• • Establish a disease-specific response including appropriate epidemiological and medical screening techniques for all individuals having symptoms of communicable diseases or having traveled from an area of severe outbreaks of communicable diseases to prevent a major public health problem and contain the spread of the microorganisms to others. This means that there has to be a constant flow of information from areas of potential or actual outbreaks of disease to all other areas of the world. Medical and epidemiological investigation must be done immediately and extremely thoroughly and the results broadcasted to all appropriate world entities as rapidly as possible, especially to the airports since this mode of travel can result in immediate contamination of areas and people by healthy and sick carriers of the disease. Disease alerts should be issued by all forms of media and electronic devices to all potential passengers and airline workers.
  • • Follow the Airports Council International document “Airport Preparedness Guidelines for Outbreaks of Communicable Disease.” (See endnote 7.) This guideline involves the following: communications especially with the public; screening processes; transportation of infected people to health facilities; equipment which should be used for the prevention and control of disease; entry and exit procedures for all aircrafts, especially the one which is affected, personnel and passengers; and coordination with all local, state, national, and international public health agencies.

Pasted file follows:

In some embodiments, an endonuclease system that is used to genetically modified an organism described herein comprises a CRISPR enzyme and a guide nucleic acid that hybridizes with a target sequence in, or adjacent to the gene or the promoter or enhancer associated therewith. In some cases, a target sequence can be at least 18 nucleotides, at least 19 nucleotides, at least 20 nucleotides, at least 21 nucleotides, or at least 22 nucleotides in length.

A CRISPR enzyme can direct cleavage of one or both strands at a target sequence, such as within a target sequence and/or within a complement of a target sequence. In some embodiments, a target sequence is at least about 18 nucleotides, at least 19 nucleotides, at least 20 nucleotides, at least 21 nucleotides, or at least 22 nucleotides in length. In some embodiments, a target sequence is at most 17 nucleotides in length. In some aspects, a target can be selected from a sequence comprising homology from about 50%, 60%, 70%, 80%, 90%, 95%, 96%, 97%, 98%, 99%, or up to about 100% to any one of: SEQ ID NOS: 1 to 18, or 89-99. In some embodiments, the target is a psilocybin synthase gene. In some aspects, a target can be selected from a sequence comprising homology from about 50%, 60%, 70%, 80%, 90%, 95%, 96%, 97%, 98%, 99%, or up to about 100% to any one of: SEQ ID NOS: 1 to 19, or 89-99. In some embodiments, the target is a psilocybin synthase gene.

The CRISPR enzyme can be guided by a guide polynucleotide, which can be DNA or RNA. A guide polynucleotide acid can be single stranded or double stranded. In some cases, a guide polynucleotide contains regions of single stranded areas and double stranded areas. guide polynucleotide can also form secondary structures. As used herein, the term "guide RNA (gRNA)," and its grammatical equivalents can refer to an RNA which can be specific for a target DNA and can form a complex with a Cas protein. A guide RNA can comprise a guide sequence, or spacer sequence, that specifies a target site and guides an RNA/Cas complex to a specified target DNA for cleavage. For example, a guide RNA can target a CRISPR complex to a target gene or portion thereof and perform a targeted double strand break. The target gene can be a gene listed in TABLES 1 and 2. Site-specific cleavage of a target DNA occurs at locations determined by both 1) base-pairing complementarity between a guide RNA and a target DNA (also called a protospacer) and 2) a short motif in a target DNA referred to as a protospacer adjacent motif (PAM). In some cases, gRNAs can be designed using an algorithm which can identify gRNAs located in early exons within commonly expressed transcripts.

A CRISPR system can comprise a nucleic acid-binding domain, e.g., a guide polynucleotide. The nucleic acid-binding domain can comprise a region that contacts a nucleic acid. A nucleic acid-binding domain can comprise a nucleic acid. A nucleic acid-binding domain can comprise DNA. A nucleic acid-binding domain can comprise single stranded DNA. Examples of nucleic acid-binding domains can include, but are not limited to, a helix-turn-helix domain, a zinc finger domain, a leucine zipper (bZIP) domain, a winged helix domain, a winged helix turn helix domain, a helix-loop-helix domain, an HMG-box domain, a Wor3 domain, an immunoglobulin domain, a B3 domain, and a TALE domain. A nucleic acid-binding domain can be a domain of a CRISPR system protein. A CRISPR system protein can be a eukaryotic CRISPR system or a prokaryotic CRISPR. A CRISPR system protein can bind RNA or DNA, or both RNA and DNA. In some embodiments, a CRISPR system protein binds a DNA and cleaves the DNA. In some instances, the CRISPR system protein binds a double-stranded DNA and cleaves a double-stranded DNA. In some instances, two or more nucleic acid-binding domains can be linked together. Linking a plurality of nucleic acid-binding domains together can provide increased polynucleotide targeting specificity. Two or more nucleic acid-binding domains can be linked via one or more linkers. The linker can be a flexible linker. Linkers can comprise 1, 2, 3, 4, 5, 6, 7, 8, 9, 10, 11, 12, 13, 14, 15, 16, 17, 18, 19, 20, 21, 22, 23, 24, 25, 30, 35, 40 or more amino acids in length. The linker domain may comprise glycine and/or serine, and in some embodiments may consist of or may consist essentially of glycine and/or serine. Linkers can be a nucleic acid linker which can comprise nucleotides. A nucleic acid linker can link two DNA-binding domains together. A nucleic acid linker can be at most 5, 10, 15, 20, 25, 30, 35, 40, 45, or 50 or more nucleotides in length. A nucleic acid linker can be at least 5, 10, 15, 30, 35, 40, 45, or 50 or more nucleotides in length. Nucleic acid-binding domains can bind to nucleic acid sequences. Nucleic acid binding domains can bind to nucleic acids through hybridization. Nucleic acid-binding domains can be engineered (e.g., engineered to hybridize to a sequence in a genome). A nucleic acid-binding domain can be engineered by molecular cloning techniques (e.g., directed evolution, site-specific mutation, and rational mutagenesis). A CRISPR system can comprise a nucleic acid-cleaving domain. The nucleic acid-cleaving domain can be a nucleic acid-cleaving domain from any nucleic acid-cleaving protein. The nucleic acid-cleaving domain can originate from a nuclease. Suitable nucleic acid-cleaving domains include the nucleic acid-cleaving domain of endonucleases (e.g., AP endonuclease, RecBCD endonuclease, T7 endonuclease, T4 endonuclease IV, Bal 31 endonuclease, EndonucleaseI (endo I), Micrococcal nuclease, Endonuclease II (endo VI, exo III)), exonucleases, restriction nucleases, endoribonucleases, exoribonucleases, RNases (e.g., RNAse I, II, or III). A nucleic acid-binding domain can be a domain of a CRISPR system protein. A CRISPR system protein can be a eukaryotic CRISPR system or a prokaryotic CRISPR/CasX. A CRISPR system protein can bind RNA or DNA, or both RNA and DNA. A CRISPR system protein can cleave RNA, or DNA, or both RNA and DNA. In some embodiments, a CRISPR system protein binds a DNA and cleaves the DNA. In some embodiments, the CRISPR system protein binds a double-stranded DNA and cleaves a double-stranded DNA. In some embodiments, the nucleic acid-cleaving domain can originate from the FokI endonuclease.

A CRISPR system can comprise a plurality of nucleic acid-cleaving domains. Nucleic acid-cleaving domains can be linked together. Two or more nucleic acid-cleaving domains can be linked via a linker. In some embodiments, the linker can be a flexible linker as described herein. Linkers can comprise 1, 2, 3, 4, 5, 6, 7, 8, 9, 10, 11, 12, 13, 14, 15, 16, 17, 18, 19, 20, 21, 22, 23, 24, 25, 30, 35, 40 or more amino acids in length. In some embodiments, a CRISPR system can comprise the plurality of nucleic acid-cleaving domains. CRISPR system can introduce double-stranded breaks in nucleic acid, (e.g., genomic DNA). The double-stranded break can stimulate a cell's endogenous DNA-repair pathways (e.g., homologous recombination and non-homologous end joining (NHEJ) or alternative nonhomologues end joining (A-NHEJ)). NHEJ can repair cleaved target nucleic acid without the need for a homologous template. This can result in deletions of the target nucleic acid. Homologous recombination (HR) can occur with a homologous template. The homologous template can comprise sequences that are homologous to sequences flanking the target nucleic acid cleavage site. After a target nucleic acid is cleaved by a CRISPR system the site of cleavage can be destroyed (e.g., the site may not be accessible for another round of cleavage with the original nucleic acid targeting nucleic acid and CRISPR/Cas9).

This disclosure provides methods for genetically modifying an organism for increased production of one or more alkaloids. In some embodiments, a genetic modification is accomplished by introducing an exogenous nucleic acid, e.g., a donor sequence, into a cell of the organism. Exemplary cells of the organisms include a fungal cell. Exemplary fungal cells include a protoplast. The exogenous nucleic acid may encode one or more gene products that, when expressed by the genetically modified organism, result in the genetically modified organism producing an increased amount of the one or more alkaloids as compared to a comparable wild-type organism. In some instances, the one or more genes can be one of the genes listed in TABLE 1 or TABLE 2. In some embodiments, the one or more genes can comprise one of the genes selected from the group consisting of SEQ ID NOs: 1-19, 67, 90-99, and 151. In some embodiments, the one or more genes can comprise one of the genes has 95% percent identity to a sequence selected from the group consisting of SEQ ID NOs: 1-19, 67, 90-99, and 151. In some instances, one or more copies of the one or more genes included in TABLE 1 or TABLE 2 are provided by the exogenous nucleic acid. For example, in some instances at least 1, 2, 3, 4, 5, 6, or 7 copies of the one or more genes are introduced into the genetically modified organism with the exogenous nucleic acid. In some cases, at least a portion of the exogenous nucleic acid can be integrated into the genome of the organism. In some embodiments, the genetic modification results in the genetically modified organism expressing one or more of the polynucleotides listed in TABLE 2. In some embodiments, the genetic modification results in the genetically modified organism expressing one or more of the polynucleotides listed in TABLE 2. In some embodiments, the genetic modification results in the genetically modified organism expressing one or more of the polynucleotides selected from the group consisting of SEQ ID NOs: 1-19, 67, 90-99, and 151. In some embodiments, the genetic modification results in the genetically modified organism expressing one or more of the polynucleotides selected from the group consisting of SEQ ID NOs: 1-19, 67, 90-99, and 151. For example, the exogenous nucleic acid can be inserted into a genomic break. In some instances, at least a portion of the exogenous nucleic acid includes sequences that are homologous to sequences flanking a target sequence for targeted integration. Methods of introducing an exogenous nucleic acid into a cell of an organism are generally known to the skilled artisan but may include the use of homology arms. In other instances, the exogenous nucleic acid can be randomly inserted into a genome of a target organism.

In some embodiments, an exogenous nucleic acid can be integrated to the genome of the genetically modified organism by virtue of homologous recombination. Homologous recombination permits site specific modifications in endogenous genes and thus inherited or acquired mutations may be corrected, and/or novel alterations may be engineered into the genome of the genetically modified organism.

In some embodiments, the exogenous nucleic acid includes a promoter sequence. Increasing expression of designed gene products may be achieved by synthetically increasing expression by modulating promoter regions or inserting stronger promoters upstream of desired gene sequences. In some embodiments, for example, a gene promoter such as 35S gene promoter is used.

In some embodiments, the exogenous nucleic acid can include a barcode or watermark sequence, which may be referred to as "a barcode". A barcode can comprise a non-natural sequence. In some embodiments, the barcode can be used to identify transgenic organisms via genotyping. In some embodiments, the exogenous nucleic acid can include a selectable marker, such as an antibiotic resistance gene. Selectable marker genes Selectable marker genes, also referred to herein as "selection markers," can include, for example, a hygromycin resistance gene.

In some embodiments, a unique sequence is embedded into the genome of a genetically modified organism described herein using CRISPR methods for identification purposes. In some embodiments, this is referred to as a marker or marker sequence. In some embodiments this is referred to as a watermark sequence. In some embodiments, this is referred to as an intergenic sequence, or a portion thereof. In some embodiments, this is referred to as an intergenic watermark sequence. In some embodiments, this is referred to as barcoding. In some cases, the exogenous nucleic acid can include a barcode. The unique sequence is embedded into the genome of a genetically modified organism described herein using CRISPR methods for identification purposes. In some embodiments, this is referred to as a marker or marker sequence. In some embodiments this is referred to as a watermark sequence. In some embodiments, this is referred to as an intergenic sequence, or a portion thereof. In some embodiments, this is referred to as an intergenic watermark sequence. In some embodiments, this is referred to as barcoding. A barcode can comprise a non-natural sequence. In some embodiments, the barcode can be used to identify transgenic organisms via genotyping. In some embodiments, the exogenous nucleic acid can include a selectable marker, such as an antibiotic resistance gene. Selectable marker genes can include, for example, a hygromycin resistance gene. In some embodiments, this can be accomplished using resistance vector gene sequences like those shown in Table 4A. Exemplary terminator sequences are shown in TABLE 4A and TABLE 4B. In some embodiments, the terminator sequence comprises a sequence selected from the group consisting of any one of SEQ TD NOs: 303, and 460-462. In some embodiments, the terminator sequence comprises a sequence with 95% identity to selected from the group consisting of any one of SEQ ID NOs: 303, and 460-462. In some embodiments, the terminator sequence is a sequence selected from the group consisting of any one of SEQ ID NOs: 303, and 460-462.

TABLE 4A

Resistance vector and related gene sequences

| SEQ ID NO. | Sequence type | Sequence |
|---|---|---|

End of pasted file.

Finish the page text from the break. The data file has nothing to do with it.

• • Travelers from areas of known outbreaks of disease such as Ebola should not be permitted to board an aircraft if potentially exposed to the disease and showing symptoms. The individual should undergo medical evaluation prior to departure to determine when it is safe for him/her to travel on a commercial carrier if he/she is asymptomatic and is in a low but not necessarily zero risk category. The individual should still be monitored actively for 21 days. Individuals in the no identifiable risk category do not have to be monitored or have travel restrictions. (See endnote 8.)
  • • When traveling abroad, obtain all appropriate vaccinations prior to leaving and carry the vaccination certificates which may be required by some countries.
  • • Have a physician determine if anti-malarial drugs should be taken prior to the flight to help prevent the spread of this disease. A special concern is that some of the drugs may have a profound effect upon pregnancy and therefore should not be used.
  • • People with uncontrolled or frequent seizures should avoid traveling on airlines.
  • • People who have had a recent stroke or TIA (transient ischemic attack) should not be flying until the acute phase has passed and a physician has cleared the individual.
  • • Persons with recent surgery, especially if it relates to the spine and back, should be cleared by their physicians before they fly.